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plosive

[ploh-siv] /ˈploʊ sɪv/
adjective
1.
(of a stop consonant or occlusive) characterized by release in a plosion; explosive.
noun
2.
Also called explosive. a plosive speech sound.
Origin
1895-1900
1895-1900; shortened form of explosive
Dictionary.com Unabridged
Based on the Random House Dictionary, © Random House, Inc. 2014.
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British Dictionary definitions for plosives

plosive

/ˈpləʊsɪv/
adjective
1.
articulated with or accompanied by plosion
noun
2.
a plosive consonant; stop
Word Origin
C20: from French, from explosifexplosive
Collins English Dictionary - Complete & Unabridged 2012 Digital Edition
© William Collins Sons & Co. Ltd. 1979, 1986 © HarperCollins
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Word Origin and History for plosives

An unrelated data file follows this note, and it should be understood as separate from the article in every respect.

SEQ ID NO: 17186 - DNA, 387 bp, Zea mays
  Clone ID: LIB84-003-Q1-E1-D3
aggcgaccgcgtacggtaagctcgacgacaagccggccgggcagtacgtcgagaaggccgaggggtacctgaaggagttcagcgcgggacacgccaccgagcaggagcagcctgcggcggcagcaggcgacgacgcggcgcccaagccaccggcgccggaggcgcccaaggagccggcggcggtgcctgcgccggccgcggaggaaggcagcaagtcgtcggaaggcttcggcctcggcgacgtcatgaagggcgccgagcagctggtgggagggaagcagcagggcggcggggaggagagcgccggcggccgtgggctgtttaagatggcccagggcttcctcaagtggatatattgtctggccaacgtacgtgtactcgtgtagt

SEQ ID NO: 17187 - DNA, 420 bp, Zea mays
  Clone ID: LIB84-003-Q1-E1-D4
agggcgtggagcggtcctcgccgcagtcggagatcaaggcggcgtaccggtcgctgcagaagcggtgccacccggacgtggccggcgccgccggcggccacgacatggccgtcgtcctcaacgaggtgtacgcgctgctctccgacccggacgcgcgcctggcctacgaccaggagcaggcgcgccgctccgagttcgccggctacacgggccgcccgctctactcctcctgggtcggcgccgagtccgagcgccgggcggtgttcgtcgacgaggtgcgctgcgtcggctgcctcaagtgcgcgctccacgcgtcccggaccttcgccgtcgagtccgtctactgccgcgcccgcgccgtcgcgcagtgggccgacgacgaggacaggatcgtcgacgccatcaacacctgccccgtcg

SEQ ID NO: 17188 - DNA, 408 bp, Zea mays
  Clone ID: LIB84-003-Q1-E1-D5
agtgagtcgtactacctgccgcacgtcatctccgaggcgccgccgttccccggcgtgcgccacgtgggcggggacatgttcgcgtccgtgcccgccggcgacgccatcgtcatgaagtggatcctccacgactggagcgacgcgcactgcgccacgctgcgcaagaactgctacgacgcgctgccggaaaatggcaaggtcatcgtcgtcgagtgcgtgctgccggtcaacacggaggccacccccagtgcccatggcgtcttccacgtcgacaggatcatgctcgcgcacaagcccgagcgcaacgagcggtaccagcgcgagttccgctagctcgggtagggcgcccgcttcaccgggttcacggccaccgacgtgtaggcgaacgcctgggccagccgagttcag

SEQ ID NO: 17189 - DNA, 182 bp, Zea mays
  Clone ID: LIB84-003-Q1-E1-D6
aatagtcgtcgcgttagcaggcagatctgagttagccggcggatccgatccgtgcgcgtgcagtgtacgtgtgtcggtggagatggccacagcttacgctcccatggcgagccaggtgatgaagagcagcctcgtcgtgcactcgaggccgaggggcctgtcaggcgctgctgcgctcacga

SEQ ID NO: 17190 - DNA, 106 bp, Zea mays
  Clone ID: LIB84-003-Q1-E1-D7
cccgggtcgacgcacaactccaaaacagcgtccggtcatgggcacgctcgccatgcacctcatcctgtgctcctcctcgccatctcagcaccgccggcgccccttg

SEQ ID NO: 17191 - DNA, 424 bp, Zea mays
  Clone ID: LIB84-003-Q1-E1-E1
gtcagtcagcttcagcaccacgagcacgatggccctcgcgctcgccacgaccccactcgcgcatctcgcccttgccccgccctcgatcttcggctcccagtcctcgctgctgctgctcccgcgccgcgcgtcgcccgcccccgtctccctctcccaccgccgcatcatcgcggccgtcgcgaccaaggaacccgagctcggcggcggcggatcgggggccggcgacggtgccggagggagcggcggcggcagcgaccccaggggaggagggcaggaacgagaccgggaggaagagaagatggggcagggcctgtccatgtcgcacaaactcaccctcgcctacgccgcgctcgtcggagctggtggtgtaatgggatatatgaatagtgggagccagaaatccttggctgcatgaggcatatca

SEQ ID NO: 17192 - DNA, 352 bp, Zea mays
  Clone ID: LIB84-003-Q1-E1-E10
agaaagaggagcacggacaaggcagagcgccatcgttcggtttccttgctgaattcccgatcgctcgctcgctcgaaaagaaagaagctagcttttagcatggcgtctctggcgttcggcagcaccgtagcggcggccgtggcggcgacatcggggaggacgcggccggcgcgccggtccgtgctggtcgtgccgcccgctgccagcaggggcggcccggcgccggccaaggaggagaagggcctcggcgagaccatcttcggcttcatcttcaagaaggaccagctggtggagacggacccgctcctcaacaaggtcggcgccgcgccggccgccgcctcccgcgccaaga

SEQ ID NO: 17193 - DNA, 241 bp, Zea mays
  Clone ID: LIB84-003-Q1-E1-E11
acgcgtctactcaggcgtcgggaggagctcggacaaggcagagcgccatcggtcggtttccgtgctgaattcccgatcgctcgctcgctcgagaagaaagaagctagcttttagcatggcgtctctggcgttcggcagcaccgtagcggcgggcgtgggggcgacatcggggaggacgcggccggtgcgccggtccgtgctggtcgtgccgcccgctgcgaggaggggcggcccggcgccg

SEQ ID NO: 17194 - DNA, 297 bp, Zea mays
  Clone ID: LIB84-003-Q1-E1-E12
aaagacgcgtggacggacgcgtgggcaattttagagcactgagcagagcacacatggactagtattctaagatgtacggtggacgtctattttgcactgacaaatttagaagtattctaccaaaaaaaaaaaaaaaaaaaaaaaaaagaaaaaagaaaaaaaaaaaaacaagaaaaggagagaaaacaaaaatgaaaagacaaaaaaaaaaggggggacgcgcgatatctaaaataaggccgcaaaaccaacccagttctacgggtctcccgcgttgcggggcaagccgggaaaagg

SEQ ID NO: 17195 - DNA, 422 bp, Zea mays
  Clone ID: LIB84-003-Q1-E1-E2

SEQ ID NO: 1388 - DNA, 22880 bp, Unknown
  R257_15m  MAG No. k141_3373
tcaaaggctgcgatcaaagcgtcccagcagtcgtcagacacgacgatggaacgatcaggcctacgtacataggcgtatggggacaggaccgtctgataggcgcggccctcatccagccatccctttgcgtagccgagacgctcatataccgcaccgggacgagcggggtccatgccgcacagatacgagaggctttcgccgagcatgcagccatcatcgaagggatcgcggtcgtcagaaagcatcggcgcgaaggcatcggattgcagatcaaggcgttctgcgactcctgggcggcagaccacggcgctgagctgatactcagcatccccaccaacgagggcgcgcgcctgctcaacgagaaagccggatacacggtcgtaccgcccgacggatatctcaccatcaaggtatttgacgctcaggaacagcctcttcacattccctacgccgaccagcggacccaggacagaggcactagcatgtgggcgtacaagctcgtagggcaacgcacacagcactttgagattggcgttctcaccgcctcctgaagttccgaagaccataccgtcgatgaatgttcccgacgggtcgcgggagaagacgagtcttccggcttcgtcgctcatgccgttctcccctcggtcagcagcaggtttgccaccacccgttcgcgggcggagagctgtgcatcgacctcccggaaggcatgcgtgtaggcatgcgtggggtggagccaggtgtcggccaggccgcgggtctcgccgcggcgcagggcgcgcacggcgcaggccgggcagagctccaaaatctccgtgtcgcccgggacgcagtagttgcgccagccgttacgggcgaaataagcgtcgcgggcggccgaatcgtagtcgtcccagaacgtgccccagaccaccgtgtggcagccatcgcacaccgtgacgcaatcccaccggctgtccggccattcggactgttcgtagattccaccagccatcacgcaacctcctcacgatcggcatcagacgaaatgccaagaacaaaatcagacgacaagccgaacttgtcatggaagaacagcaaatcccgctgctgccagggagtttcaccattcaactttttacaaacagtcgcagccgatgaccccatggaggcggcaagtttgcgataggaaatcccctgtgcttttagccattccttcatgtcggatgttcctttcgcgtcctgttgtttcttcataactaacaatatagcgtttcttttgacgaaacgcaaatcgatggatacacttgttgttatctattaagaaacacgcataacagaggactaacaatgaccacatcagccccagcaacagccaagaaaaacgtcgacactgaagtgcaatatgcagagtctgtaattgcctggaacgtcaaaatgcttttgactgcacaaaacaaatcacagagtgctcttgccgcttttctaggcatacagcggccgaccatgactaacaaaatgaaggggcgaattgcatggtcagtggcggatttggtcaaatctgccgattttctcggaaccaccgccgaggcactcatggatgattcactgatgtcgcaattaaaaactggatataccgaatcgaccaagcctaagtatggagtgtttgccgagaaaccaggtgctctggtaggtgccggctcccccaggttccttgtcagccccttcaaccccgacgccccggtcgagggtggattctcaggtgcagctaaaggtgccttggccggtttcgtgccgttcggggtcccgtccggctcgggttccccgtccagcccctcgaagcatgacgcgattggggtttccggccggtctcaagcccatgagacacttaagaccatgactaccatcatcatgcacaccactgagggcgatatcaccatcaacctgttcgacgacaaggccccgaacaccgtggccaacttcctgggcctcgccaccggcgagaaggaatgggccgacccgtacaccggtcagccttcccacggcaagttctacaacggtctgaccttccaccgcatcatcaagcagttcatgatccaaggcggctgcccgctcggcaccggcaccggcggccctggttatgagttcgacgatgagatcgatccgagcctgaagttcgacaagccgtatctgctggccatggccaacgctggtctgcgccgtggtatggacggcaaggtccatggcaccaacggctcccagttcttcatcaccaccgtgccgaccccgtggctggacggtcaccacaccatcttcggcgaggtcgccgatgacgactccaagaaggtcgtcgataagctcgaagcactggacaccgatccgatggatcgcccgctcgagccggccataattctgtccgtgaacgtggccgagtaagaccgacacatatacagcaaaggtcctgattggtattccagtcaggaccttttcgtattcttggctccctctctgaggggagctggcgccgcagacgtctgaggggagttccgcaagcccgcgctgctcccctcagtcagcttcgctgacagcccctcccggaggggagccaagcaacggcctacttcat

plosive

n.

type of consonantal sound, 1899, from explosive. As an adjective from 1909.

Online Etymology Dictionary, © 2010 Douglas Harper
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Encyclopedia Article for plosives

plosive

in phonetics, a consonant sound characterized by the momentary blocking (occlusion) of some part of the oral cavity. A completely articulated stop usually has three stages: the catch (implosion), or beginning of the blockage; the hold (occlusion); and the release (explosion), or opening of the air passage again. A stop differs from a fricative (q.v.) in that, with a stop, occlusion is total, rather than partial. Occlusion may occur at various places in the vocal tract from the glottis to the lips; stops are thus classified as to their place of articulation-glottal, velar, palatal, alveolar, dental, bilabial, etc. In English, b and p are bilabial stops, d and t are alveolar stops, g and k are velar stops. A stop for which there is no English letter is the glottal stop, which occurs in the Scottish, Cockney, and Brooklynese pronunciation of the tt in "bottle" ("bo'l"); in other tongues (e.g., Arabic) the glottal stop has a separate mark in the script

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Encyclopedia Britannica, 2008. Encyclopedia Britannica Online.
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13
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